No Alaska region has been hit harder by dismal salmon returns this summer than communities on the Yukon River. The summer chum run of just 153,000 is the lowest on record.

Serena Fitka, director of the Yukon River Drainage Fisheries Association, spoke to KYUK in Bethel.

“So, we’re talking really low numbers. This is really quite scary for everyone. These runs are low enough that no one on the river is subsistence fishing, and so it’s very dismal. Everybody in the communities, on the full river drainage, are feeling the hardship.”

Nearly10,000 pounds of chum and king salmon have been donated by Bristol Bay fishermen and processors with logistical assists by SeaShare and Kwik’pak Fisheries in Emmonak to send salmon to 11 villages.

Kwik’pak, typically a top employer each summer, has been able to put only a handful of people to work for a few days helping with the distribution said general manager, Jack Schultheis –

“It’s a big deal to the villagers to get fish. You know, it’s why they decided to live on this river, you know, it was a lot of fish in it. So we’re doing what we can to just expedite this and organize it so everybody gets their fair share.”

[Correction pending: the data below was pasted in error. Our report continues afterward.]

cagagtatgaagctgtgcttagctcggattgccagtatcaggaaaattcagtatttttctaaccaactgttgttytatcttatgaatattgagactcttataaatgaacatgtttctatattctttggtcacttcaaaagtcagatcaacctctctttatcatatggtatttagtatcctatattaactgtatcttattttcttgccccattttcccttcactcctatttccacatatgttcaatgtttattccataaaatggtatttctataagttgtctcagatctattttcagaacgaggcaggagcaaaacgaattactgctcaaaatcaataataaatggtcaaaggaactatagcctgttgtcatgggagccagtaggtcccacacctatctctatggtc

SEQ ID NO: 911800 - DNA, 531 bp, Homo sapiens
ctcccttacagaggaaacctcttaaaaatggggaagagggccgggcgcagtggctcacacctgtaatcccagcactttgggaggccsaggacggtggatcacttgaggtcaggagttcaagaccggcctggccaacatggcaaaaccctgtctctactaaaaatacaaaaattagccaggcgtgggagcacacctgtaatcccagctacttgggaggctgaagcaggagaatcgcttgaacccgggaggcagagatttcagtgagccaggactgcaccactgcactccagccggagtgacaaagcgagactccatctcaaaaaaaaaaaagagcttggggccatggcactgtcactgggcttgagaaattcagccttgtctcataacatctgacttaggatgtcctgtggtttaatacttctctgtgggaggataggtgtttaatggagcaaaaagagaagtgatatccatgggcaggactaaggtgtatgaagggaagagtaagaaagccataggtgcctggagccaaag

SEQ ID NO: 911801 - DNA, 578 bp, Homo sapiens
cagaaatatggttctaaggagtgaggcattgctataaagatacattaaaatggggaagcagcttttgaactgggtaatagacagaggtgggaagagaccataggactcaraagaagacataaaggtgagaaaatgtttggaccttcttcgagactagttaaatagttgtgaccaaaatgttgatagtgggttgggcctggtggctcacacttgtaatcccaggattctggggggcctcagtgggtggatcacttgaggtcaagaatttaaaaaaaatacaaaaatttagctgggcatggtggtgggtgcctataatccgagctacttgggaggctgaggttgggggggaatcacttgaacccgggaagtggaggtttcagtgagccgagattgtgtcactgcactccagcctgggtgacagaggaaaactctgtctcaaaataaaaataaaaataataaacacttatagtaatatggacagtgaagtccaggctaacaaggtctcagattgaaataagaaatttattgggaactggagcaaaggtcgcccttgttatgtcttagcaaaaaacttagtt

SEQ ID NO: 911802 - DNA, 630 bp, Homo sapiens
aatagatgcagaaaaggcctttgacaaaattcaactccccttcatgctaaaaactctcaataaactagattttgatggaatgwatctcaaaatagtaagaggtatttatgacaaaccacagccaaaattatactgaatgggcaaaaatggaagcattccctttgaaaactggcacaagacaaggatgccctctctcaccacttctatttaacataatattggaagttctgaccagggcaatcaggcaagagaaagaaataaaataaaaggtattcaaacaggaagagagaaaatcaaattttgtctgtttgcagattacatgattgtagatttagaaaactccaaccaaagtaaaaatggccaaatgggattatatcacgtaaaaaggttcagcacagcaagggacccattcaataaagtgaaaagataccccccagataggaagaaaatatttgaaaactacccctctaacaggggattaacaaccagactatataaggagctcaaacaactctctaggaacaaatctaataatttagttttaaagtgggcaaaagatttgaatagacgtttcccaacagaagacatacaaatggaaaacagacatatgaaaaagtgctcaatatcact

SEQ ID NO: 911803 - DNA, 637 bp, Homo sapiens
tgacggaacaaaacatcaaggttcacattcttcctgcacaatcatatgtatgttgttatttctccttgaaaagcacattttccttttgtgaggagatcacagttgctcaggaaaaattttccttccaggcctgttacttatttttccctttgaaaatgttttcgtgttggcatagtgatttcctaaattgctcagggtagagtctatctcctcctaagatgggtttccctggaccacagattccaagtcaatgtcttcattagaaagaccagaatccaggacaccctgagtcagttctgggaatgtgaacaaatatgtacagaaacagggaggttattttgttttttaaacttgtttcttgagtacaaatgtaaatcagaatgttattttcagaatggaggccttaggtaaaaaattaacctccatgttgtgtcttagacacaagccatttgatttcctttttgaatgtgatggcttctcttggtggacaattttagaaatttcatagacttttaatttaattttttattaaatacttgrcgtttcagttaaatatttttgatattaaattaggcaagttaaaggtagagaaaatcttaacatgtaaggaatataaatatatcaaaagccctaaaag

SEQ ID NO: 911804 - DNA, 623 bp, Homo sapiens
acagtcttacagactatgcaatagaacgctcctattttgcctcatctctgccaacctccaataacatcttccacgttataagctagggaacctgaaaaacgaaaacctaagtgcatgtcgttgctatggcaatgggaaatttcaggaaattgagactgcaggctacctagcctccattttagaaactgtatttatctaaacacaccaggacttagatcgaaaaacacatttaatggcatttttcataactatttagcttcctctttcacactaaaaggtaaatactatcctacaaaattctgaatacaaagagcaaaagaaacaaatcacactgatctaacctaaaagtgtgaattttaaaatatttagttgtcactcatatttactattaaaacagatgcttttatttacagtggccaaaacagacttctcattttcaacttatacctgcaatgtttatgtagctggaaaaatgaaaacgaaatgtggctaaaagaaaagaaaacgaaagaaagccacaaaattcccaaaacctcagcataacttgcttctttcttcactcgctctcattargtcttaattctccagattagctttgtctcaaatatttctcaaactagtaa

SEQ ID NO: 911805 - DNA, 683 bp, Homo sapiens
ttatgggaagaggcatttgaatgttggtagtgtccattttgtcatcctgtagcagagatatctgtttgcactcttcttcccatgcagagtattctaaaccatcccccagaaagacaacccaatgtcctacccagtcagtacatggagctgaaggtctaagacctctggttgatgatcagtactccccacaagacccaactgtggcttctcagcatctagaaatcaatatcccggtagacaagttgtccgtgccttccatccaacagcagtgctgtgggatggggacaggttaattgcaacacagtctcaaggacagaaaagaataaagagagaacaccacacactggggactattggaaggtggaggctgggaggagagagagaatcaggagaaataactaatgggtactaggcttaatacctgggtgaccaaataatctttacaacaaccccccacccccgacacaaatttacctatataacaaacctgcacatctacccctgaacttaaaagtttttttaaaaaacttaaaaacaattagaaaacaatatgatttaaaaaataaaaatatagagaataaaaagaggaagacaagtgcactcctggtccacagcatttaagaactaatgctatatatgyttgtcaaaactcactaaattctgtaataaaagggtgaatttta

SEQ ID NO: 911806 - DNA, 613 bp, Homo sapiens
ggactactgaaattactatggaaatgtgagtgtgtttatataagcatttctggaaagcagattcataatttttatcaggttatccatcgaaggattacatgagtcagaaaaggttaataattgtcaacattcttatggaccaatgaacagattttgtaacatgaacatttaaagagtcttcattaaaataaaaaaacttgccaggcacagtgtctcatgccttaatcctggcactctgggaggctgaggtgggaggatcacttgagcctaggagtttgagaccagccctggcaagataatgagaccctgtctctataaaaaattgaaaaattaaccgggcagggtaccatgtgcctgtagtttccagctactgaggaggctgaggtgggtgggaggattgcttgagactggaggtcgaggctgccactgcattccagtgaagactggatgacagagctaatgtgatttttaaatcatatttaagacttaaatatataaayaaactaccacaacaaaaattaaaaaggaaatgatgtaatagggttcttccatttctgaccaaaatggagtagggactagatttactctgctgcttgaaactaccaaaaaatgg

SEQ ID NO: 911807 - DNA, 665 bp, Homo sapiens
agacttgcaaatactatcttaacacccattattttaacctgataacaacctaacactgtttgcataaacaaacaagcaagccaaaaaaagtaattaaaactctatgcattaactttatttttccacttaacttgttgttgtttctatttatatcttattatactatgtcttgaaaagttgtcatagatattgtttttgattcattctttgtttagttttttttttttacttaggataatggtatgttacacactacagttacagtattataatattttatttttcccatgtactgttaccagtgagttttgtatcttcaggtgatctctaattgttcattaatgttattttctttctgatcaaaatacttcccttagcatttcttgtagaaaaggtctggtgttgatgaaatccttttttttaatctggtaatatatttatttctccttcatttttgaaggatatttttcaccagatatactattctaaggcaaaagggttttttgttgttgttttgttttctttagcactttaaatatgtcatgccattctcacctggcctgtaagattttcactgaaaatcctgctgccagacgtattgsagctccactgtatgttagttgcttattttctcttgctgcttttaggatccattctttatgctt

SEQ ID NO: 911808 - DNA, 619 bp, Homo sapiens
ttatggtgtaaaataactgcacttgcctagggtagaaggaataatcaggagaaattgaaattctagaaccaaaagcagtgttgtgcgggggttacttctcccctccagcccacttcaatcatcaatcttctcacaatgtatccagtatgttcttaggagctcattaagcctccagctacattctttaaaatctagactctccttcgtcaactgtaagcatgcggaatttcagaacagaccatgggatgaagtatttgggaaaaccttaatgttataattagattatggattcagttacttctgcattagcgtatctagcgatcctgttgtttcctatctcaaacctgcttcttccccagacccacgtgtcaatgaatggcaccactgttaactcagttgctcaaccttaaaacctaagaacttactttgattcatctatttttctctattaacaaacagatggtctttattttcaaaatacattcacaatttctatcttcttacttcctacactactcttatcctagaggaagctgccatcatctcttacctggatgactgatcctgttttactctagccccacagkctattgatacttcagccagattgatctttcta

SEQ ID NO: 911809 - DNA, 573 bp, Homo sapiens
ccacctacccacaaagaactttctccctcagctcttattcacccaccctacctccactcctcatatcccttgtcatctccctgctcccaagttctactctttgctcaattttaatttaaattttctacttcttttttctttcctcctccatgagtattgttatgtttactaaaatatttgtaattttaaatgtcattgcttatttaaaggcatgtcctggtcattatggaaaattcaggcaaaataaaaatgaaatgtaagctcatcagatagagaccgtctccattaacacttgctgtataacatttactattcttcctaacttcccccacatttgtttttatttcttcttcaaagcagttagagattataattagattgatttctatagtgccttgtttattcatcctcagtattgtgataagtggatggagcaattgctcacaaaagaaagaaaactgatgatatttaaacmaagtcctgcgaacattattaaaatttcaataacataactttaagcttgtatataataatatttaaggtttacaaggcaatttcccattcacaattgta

Governor Dunleavy also directed an additional $75,000 to purchase more salmon from Alaska processors for donations. The Tanana Chiefs Conference and the Association of Village Council Presidents are helping with distribution.

Meanwhile, further west at Norton Sound a canceled chum fishery has been salvaged by a surge of pink salmon to the region. It’s expected to be the best catch since the 1990s, said Fish and Game area manager Jim Menard.

Two buyers are on the grounds in several locations – Norton Sound Seafood Products and Icicle Seafoods are paying 40 cents a pound for pinks, reported KNOM in Nome.

The catch through yesterday stood at 251,000 pinks. Locals hope an upcoming coho run might also provide for continued commercial fishing.